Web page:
One area that a personal trainer or strength coach can really improve upon to increase their value to a client or team is to become a little savvier with statistics. There are some very basic statistical procedures that coaches can use to determine practically meaningful changes in performance. Communicating these results to the athletes and other coaches with visuals (i.e., charts and figures) can really show them how performance is affected by the training program and/or competition schedule.
The smallest worthwhile change (SWC) developed by Will Hopkins, is considered 30% of the standard deviation (SWC = .30*SD) in elite athletes. With this formula, we can determine what change in a performance marker is practically meaningful, and not necessarily within the daily “noise” of a measure. For lower level athletes a higher value (i.e., .50*SD) may be necessary as these athletes will likely have less consistency in performance and higher “noise”.
To perform these calculations in excel, you will simply need to calculate the mean and standard deviation and then calculate 0.3 or 0.5 (whichever is more appropriate in your situation) by the standard deviation to get your SWC value. You can then add the SWC to the mean and subtract it from the mean to get your upper and lower thresholds for what is above, below or within the SWC.
The following screen shots in excel demonstrate some examples of applying the SWC to a set of performance data. Amber shading indicates a meaningful decrease in performance while green shading indicates a meaningful increase in performance.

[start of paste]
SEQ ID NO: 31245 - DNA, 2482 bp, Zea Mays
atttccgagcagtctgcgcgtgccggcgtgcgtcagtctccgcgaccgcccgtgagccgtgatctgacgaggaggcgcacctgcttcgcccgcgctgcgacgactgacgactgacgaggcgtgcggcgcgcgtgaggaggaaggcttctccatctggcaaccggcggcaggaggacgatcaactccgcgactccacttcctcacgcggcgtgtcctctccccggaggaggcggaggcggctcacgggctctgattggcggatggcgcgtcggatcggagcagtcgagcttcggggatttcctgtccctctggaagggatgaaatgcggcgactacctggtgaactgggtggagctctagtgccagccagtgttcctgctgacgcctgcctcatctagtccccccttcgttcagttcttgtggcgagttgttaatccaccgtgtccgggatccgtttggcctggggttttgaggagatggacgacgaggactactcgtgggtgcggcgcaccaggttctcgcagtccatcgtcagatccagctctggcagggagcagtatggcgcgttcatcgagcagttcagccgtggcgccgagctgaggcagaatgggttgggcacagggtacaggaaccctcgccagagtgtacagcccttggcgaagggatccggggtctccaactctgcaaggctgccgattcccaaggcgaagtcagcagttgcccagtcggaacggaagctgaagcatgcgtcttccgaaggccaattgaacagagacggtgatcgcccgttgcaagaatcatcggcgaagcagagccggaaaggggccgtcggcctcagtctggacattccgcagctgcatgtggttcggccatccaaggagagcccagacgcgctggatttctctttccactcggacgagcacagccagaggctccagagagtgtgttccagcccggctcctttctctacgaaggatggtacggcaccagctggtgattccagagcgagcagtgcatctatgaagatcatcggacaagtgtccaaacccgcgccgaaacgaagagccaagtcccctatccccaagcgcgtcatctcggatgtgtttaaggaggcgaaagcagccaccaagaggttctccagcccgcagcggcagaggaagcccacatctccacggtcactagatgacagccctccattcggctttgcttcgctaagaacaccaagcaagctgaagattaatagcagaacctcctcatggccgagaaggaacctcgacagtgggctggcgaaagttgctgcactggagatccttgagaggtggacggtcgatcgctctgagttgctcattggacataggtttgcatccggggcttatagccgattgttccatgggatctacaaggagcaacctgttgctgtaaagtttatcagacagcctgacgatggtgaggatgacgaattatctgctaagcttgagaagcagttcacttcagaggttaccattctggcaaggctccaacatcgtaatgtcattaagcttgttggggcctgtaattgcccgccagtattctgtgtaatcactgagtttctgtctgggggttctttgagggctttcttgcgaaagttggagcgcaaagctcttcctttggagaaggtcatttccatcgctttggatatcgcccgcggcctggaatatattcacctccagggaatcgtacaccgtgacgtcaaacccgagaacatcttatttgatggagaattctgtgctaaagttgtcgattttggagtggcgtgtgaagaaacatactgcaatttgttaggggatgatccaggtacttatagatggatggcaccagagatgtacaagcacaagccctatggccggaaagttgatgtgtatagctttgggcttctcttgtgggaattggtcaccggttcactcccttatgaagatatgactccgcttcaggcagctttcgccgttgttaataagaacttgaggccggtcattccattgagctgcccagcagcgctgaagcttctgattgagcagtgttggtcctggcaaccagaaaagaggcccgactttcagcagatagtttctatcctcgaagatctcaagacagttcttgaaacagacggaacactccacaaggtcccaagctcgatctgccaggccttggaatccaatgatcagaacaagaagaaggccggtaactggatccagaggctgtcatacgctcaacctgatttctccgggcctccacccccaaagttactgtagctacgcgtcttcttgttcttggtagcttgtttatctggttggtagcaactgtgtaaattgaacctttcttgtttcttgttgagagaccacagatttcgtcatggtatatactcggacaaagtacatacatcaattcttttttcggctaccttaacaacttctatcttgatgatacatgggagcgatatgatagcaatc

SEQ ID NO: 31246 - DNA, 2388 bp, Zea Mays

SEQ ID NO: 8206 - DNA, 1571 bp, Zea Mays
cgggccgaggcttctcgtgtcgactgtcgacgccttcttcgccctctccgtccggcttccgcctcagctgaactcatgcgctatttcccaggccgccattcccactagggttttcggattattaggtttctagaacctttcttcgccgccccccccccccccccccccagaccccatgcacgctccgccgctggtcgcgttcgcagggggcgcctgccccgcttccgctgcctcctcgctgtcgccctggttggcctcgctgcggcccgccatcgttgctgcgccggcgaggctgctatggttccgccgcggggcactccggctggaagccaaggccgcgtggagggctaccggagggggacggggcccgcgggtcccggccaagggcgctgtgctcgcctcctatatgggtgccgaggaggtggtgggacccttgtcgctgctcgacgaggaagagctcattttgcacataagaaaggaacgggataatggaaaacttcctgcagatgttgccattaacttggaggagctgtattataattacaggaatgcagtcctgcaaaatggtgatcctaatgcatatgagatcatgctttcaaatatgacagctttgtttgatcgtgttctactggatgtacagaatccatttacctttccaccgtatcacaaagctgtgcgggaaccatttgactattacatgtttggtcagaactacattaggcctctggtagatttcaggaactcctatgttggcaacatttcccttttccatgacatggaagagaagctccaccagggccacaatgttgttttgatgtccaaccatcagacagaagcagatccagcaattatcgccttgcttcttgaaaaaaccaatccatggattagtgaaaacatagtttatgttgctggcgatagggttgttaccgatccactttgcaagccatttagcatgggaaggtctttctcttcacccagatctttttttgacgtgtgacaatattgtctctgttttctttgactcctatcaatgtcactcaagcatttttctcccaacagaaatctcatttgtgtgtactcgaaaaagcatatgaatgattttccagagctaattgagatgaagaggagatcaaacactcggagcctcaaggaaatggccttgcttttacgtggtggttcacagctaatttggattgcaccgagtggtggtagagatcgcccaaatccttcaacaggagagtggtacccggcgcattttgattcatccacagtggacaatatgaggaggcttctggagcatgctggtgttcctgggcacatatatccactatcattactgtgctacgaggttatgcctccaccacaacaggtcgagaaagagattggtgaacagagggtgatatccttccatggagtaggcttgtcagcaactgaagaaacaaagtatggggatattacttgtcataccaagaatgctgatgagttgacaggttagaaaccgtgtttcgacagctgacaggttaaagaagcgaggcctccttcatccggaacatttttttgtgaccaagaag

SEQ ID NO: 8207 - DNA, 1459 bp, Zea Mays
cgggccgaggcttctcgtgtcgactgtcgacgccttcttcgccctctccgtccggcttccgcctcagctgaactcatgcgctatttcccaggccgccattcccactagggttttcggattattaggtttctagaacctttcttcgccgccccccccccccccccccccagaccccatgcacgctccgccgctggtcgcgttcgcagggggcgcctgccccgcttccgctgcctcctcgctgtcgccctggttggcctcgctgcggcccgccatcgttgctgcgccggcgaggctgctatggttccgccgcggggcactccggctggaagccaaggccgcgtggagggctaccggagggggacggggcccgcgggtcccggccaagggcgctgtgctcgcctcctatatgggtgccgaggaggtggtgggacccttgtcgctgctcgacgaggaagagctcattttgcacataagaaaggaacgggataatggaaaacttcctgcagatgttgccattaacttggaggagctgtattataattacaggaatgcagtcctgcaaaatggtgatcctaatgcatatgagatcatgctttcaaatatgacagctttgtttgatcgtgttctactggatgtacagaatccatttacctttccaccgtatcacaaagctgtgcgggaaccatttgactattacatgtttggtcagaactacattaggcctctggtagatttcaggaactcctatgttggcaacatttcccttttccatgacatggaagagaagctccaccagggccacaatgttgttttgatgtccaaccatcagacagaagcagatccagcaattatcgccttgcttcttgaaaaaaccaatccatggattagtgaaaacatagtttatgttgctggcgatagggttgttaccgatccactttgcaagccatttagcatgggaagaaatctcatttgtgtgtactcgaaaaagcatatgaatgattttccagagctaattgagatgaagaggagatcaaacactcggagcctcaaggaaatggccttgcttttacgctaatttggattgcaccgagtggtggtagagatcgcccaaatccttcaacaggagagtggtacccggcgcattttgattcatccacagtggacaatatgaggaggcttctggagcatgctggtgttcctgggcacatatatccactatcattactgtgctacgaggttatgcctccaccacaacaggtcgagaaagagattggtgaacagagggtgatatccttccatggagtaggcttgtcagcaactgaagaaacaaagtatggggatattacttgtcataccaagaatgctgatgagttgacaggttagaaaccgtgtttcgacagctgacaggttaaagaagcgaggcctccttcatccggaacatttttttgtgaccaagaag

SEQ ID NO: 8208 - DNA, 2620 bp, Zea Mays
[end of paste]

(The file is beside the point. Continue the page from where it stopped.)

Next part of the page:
Below is an example of bar velocity changes in submaximal squats over 10 different days of measurements
Below is an example of vertical jump changes over 10 different measurements.
Lastly, we can see the evolution of performance in 40 yard dash over 10 different measures.
Determining the changes in performance can be useful for assessing daily readiness, or recovery status of your athletes. If their vertical jump is below the SWC it is likely that they are experiencing fatigue and therefore training can be adjust accordingly. Alternatively, scores above the SWC indicate positive adaptation to training and likely quality recovery. Being able to show this to the coaching staff or your clients can show them that you are closely monitoring performance and can therefore determine the effectiveness of training.